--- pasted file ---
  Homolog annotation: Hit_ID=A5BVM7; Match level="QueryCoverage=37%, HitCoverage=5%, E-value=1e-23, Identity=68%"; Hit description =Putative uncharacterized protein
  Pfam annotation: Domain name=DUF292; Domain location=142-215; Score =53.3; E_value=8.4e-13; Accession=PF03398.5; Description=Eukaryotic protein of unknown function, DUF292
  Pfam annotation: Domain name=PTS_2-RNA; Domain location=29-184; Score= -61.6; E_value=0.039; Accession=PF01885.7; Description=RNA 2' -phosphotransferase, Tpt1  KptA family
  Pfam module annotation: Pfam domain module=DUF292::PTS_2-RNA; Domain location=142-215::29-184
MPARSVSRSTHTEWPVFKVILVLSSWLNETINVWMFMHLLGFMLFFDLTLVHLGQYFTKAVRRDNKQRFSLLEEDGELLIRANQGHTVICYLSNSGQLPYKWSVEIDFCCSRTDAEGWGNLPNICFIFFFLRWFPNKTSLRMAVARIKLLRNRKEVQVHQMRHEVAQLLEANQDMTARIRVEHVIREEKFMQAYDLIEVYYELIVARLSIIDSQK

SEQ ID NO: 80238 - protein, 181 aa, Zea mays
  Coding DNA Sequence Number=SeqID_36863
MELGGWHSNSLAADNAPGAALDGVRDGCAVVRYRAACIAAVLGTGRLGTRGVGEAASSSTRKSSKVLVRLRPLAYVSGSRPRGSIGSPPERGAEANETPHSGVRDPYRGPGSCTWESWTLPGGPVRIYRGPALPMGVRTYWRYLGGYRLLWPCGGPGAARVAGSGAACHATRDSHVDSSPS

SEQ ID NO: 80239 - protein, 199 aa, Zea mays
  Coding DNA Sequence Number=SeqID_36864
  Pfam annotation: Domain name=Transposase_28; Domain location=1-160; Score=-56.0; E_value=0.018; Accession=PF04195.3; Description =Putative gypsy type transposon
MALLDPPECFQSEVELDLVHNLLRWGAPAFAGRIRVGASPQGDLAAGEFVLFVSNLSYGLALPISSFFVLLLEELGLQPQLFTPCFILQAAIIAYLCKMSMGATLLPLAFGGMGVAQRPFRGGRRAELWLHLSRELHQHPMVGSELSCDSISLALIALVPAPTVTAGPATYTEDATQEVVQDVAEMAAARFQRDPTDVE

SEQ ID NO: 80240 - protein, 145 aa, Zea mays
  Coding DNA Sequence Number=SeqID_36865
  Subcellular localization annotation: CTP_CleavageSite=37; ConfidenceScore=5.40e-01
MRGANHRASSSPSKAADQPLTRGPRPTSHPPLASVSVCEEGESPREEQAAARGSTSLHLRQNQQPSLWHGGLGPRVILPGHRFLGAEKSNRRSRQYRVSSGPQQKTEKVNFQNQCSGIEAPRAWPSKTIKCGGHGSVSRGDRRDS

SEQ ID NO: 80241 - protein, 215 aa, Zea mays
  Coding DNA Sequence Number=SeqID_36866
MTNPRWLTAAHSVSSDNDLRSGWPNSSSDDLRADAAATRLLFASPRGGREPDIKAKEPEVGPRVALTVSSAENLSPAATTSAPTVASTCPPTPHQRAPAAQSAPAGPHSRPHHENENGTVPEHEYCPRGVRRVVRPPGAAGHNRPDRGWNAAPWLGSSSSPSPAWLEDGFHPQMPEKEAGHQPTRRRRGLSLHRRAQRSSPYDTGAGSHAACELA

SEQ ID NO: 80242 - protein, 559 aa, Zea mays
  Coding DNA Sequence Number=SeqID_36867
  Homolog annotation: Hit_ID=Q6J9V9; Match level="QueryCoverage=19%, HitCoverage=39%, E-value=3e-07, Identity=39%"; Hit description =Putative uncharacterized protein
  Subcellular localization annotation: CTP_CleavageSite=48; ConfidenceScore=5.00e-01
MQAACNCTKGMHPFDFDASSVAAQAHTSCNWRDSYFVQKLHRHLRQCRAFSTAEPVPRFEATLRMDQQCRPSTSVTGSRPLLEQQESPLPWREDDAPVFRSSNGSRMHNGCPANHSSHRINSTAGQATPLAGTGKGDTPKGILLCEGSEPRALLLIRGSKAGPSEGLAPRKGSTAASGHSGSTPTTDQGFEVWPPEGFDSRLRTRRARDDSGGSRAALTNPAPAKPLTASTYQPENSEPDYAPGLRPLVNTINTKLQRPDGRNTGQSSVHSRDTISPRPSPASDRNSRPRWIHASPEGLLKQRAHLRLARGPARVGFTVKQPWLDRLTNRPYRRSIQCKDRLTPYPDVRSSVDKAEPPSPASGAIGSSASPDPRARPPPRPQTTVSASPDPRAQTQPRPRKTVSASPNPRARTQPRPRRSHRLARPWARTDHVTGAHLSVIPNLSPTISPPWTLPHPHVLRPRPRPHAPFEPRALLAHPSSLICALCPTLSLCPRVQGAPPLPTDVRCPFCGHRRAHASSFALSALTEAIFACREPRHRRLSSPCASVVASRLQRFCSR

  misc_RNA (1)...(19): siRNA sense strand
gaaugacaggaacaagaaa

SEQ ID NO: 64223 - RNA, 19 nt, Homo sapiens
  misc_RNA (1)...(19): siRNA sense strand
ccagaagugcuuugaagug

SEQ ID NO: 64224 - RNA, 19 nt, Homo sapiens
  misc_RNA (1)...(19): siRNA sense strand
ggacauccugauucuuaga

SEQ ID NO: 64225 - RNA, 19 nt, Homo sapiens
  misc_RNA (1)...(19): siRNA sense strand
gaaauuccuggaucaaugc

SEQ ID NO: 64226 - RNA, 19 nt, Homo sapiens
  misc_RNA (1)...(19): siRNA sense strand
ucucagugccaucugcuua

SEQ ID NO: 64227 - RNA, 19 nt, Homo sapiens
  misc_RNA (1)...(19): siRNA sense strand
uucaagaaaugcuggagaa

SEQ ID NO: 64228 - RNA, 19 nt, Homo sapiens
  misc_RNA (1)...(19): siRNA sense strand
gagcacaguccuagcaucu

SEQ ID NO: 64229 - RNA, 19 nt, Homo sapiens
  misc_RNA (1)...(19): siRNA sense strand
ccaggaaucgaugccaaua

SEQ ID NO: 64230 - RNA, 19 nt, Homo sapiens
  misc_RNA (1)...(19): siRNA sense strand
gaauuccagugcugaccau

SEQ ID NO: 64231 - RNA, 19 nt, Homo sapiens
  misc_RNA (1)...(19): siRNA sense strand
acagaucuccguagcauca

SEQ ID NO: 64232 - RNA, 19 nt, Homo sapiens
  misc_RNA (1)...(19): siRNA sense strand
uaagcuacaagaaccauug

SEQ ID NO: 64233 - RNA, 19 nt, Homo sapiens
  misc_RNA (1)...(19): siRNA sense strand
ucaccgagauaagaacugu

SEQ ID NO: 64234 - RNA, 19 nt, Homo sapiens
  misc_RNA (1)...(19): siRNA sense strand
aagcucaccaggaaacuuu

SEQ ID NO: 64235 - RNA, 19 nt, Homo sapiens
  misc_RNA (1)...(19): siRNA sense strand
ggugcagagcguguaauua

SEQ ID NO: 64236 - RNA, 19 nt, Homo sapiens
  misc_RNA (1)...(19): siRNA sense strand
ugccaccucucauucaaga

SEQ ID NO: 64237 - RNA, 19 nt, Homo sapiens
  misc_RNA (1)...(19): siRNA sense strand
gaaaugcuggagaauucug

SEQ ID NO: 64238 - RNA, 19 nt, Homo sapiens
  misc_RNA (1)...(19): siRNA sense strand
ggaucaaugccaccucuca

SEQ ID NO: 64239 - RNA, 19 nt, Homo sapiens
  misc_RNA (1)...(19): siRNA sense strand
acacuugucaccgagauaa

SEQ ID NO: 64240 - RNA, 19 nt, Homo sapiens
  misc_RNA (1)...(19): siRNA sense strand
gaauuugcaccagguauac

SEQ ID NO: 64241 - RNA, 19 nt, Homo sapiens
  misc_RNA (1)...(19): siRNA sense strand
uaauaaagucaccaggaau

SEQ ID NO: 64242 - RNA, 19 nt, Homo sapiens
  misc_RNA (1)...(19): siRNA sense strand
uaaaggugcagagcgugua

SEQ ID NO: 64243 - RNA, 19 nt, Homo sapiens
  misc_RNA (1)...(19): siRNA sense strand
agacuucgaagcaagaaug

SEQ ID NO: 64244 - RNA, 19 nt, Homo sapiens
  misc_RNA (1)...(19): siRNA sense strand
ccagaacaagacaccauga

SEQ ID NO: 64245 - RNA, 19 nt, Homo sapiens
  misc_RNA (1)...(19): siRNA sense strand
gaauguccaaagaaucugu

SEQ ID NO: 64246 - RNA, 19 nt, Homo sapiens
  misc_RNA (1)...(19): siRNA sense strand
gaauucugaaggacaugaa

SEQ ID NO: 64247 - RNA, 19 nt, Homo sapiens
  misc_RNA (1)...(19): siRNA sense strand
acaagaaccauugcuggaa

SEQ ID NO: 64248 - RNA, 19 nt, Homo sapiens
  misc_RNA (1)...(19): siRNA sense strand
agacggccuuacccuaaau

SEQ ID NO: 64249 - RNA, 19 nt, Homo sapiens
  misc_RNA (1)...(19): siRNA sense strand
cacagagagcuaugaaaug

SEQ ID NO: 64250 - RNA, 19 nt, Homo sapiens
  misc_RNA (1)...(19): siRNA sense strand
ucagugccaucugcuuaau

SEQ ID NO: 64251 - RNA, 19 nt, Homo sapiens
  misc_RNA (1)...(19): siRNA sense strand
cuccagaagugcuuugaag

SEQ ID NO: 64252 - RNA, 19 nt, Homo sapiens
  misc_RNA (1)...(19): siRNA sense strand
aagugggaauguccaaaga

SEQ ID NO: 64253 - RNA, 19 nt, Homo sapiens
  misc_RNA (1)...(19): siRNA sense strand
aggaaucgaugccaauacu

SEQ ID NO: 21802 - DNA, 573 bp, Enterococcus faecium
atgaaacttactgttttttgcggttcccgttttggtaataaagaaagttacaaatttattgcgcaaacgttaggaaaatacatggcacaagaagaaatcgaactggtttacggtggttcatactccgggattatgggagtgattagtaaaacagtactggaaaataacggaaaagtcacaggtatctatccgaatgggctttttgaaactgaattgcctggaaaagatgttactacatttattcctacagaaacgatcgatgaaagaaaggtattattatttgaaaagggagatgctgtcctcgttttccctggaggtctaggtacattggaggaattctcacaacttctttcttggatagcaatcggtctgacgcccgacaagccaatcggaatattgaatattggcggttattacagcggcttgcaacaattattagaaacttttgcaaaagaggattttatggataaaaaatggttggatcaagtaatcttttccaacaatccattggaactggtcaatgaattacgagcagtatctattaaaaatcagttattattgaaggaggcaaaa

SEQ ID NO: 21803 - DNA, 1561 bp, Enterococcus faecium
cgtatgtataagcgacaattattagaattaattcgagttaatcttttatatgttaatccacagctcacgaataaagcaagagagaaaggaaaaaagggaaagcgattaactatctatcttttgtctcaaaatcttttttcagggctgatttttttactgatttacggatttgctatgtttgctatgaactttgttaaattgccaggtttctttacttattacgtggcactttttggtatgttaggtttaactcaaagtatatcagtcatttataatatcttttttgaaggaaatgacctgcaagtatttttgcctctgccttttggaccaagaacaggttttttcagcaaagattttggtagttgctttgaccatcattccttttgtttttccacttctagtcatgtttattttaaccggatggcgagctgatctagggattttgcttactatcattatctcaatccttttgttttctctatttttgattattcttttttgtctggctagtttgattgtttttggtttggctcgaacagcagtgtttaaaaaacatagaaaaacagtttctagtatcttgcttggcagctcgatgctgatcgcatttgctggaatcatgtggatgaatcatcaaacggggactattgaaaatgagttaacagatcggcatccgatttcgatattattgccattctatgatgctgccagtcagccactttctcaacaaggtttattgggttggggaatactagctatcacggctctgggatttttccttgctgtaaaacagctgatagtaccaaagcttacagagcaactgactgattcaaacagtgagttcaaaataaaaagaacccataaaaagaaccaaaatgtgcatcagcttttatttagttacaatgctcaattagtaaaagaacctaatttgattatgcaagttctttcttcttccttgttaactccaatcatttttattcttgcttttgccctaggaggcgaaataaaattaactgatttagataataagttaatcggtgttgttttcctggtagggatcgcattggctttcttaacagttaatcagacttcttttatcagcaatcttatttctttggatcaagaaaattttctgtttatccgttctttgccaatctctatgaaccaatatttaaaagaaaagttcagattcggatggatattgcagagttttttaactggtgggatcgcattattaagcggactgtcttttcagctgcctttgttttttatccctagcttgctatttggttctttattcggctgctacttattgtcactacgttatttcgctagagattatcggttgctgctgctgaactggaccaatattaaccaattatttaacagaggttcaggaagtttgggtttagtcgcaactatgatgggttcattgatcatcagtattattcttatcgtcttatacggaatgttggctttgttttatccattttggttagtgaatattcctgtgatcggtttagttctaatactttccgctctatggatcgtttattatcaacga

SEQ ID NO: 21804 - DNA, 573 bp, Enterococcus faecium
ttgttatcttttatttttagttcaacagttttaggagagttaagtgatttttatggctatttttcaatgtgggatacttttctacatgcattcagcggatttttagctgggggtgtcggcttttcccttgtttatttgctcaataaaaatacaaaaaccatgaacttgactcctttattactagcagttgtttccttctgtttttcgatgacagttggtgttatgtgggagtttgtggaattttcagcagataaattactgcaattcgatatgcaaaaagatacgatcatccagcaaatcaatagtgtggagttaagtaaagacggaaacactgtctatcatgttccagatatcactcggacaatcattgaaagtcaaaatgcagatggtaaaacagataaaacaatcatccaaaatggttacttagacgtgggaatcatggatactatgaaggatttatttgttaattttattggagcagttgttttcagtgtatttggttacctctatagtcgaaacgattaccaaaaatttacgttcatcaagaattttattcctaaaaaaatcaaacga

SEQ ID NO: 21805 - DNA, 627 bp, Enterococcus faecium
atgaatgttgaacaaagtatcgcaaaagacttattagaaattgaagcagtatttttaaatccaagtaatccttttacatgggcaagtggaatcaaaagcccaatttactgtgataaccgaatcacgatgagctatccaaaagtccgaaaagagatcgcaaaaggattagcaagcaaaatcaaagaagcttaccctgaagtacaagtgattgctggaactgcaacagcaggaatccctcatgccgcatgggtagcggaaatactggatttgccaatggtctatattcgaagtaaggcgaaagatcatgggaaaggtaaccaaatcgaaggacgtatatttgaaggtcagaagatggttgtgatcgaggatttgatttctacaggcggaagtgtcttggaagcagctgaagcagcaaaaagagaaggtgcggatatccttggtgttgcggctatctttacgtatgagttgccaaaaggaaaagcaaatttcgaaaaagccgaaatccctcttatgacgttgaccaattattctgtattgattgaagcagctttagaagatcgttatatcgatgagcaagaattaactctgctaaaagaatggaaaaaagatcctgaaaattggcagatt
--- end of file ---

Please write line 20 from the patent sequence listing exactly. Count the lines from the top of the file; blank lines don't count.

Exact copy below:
SEQ ID NO: 80242 - protein, 559 aa, Zea mays